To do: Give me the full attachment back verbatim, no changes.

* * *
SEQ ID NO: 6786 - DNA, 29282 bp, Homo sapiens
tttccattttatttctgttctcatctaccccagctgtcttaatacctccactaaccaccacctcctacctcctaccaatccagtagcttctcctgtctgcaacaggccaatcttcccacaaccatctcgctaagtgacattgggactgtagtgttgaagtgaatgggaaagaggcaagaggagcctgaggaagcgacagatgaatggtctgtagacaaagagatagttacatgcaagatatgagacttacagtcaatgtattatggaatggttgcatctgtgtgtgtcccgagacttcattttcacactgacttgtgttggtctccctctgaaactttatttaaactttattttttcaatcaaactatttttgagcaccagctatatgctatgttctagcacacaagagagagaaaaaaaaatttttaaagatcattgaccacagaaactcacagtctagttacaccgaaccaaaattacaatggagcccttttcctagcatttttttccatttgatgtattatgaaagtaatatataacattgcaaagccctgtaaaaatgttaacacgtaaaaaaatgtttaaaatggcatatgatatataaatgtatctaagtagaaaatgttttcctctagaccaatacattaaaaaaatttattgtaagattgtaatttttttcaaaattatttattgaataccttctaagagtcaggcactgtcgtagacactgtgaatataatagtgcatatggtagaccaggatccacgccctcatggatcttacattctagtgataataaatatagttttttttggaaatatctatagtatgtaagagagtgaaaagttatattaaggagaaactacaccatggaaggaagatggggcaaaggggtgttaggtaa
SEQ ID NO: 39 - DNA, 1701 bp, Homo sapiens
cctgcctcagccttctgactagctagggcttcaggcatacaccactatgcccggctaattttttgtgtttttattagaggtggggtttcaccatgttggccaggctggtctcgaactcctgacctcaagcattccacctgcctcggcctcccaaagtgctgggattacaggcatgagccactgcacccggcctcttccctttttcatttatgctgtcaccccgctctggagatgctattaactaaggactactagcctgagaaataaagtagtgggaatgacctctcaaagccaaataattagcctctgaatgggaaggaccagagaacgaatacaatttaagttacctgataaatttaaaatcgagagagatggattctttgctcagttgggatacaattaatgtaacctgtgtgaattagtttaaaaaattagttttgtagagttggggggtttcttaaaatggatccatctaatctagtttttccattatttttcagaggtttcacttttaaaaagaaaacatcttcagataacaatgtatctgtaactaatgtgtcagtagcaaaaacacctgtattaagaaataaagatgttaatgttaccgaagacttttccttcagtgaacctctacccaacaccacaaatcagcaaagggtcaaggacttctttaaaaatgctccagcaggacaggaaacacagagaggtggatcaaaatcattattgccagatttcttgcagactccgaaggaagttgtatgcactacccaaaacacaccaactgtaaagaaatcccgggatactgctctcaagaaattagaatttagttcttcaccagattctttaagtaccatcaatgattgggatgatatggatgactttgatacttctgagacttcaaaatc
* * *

SEQ ID NO: 6786 - DNA, 29282 bp, Homo sapiens
tttccattttatttctgttctcatctaccccagctgtcttaatacctccactaaccaccacctcctacctcctaccaatccagtagcttctcctgtctgcaacaggccaatcttcccacaaccatctcgctaagtgacattgggactgtagtgttgaagtgaatgggaaagaggcaagaggagcctgaggaagcgacagatgaatggtctgtagacaaagagatagttacatgcaagatatgagacttacagtcaatgtattatggaatggttgcatctgtgtgtgtcccgagacttcattttcacactgacttgtgttggtctccctctgaaactttatttaaactttattttttcaatcaaactatttttgagcaccagctatatgctatgttctagcacacaagagagagaaaaaaaaatttttaaagatcattgaccacagaaactcacagtctagttacaccgaaccaaaattacaatggagcccttttcctagcatttttttccatttgatgtattatgaaagtaatatataacattgcaaagccctgtaaaaatgttaacacgtaaaaaaatgtttaaaatggcatatgatatataaatgtatctaagtagaaaatgttttcctctagaccaatacattaaaaaaatttattgtaagattgtaatttttttcaaaattatttattgaataccttctaagagtcaggcactgtcgtagacactgtgaatataatagtgcatatggtagaccaggatccacgccctcatggatcttacattctagtgataataaatatagttttttttggaaatatctatagtatgtaagagagtgaaaagttatattaaggagaaactacaccatggaaggaagatggggcaaaggggtgttaggtaa
SEQ ID NO: 39 - DNA, 1701 bp, Homo sapiens
cctgcctcagccttctgactagctagggcttcaggcatacaccactatgcccggctaattttttgtgtttttattagaggtggggtttcaccatgttggccaggctggtctcgaactcctgacctcaagcattccacctgcctcggcctcccaaagtgctgggattacaggcatgagccactgcacccggcctcttccctttttcatttatgctgtcaccccgctctggagatgctattaactaaggactactagcctgagaaataaagtagtgggaatgacctctcaaagccaaataattagcctctgaatgggaaggaccagagaacgaatacaatttaagttacctgataaatttaaaatcgagagagatggattctttgctcagttgggatacaattaatgtaacctgtgtgaattagtttaaaaaattagttttgtagagttggggggtttcttaaaatggatccatctaatctagtttttccattatttttcagaggtttcacttttaaaaagaaaacatcttcagataacaatgtatctgtaactaatgtgtcagtagcaaaaacacctgtattaagaaataaagatgttaatgttaccgaagacttttccttcagtgaacctctacccaacaccacaaatcagcaaagggtcaaggacttctttaaaaatgctccagcaggacaggaaacacagagaggtggatcaaaatcattattgccagatttcttgcagactccgaaggaagttgtatgcactacccaaaacacaccaactgtaaagaaatcccgggatactgctctcaagaaattagaatttagttcttcaccagattctttaagtaccatcaatgattgggatgatatggatgactttgatacttctgagacttcaaaatc